My entire nutrition approach is built on balanced eating for a balanced hormonal picture and that starts with: eating PFC. Read on for background on the subject, benefits of eating in this pattern and how-to guides to get you started!
What is PFC?
PFC is an acronym for the macronutrients in your food, “protein fat and carbohydrates”. The foundation of “PFC” is eating real, whole foods and having all three of these macronutrients in a healthy balance at all meals and snacks.
Eating “real, whole food” means you choose foods in their most natural form and limit the amount of refined and processed foods you consume. This not only ensures you get all the things you need to perform your best, but it limits the amount of unnecessary stress your body might endure to break down and absorb triggering ingredients into the system.
want to see what I mean? I’ll show you how to shape PFC balanced meals with real food examples >> Get the guide + worksheet
In the context of real food: proteins include meat, fish, poultry, eggs; fats include nuts, seeds, oils, full fat dairy; carbohydrates include whole fruits, vegetables and 100% whole grains. Of course many foods contain a mixture of macronutrients, but for the sake of simplicity, let’s focus on these whole foods and their dominant macro.
why should I eat PFC?
Eating protein, fat and carbohydrate containing foods in balance with each other at every meal and snack allows for well managed blood sugar. Stable blood sugar is the key to consistent energy levels, positive moods, improved mental clarity, supported metabolism, minimized sugar cravings and fewer hangry episodes.
But I don’t have diabetes. Why should I care about my blood sugar?
Eating carbohydrates in any form triggers a blood sugar spike and subsequent insulin response. Among many other things, by being able to manipulate and control blood sugar and the insulin hormone, we:
+ can start to burn fat for energy, and stop storing it
+ ensure muscles get properly fueled after exercise
+ can have lasting energy throughout the day, and stop crashing
So, even though you might not have diabetes, nor are you at risk for developing it, understanding carbohydrates and their relationship to blood sugar can help you control your weight, fuel your athletic performance, and hack your energy levels.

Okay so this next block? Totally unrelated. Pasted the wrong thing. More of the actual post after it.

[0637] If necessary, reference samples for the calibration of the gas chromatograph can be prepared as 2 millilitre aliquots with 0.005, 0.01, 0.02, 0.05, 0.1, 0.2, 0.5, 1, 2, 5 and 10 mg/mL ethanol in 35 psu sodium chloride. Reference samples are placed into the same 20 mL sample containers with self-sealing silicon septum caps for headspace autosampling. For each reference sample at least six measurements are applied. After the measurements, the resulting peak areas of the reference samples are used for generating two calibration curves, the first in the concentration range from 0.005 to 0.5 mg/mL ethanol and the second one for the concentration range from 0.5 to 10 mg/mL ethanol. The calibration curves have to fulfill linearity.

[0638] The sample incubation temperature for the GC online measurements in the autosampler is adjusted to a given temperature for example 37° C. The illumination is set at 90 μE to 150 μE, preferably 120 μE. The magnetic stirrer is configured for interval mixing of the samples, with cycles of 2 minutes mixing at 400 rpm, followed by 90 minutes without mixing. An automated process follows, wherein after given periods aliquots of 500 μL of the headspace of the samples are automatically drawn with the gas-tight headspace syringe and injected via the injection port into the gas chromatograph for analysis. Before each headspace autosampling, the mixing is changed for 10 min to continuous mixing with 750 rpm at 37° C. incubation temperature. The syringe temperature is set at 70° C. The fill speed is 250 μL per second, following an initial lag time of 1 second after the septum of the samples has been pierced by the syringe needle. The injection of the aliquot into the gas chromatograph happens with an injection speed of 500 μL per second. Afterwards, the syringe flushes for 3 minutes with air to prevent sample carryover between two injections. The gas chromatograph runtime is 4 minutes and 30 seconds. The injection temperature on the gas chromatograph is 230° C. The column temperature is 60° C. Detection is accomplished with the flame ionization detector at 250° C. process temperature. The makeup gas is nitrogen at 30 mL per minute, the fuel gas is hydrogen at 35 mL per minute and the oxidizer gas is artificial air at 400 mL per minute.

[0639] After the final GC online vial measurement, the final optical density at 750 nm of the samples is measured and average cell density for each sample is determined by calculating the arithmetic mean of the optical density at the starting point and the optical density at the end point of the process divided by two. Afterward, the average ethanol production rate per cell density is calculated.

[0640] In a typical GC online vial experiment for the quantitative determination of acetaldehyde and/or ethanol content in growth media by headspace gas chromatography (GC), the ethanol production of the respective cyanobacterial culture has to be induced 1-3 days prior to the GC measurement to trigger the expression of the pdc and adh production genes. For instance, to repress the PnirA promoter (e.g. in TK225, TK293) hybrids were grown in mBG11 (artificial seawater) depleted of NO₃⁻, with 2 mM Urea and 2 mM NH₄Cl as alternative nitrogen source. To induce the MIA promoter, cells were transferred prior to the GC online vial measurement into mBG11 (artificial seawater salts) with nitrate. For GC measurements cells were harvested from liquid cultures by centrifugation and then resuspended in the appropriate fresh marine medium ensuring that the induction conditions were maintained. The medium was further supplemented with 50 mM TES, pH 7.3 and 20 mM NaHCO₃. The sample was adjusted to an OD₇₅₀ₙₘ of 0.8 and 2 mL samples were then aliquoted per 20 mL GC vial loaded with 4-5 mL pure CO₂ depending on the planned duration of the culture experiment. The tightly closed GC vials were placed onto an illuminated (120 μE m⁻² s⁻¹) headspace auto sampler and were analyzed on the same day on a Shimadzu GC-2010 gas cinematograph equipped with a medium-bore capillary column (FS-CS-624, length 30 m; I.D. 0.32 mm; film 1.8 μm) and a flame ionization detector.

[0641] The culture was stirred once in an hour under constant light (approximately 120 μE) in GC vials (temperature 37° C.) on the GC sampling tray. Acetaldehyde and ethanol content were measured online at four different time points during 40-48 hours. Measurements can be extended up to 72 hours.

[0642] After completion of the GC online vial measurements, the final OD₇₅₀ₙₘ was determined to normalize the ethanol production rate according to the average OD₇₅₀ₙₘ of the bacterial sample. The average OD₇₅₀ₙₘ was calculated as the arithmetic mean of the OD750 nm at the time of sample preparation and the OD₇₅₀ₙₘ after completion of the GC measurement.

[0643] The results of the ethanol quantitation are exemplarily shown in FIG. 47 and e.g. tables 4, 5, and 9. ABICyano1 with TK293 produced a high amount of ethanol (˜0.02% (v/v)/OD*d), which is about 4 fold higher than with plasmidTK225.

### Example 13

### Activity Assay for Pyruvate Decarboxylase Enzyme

the PFC lowdown.
Sharp spikes in blood sugar lead to rapid insulin release to bring blood sugar down. Much like a rollercoaster, you might imagine the steep peaks and valleys in your blood sugar throughout the day when you eat too many carbohydrates causing sugar to flood the blood (peak), while insulin comes to clear sugar out of the blood (valley).
A day at the amusement park is exhausting – much like it is when you ride a blood sugar rollercoaster all day long. You might feel a mix of tired, anxious, irritable, craving, jittery, or sluggish. You ain’t got time for all that.
So how do we make for a little more calm?
Blood sugar stability is determined by three variables:
1. amount of carbohydrates in a meal
2. type of carbohydrates eaten
3. combination of carbohydrates among other macronutrients in a m eal
Eating PFC balanced meals ensures blood sugar stability because it addresses those three variables:
1. the overall amount of carbohydrate in a meal is limited because you’re filling up on protein and fat containing foods.
2. whole, real type carbohydrate foods have a plethora of vitamins, minerals and fiber which slow down digestion and absorption, ultimately limiting the blood sugar spike.
3. combining carbohydrate containing foods with protein containing and fat containing foods in a single meal slows digestion, absorption – limiting the overall speed and spike of blood sugar
So, if it sounds pretty great to: enjoy consistent energy and focus, eliminate carb and sugar cravings, stabilize your mood, achieve and maintain a healthy weight, then try eating protein, fat and carbohydrate containing foods in balance with each other at every meal.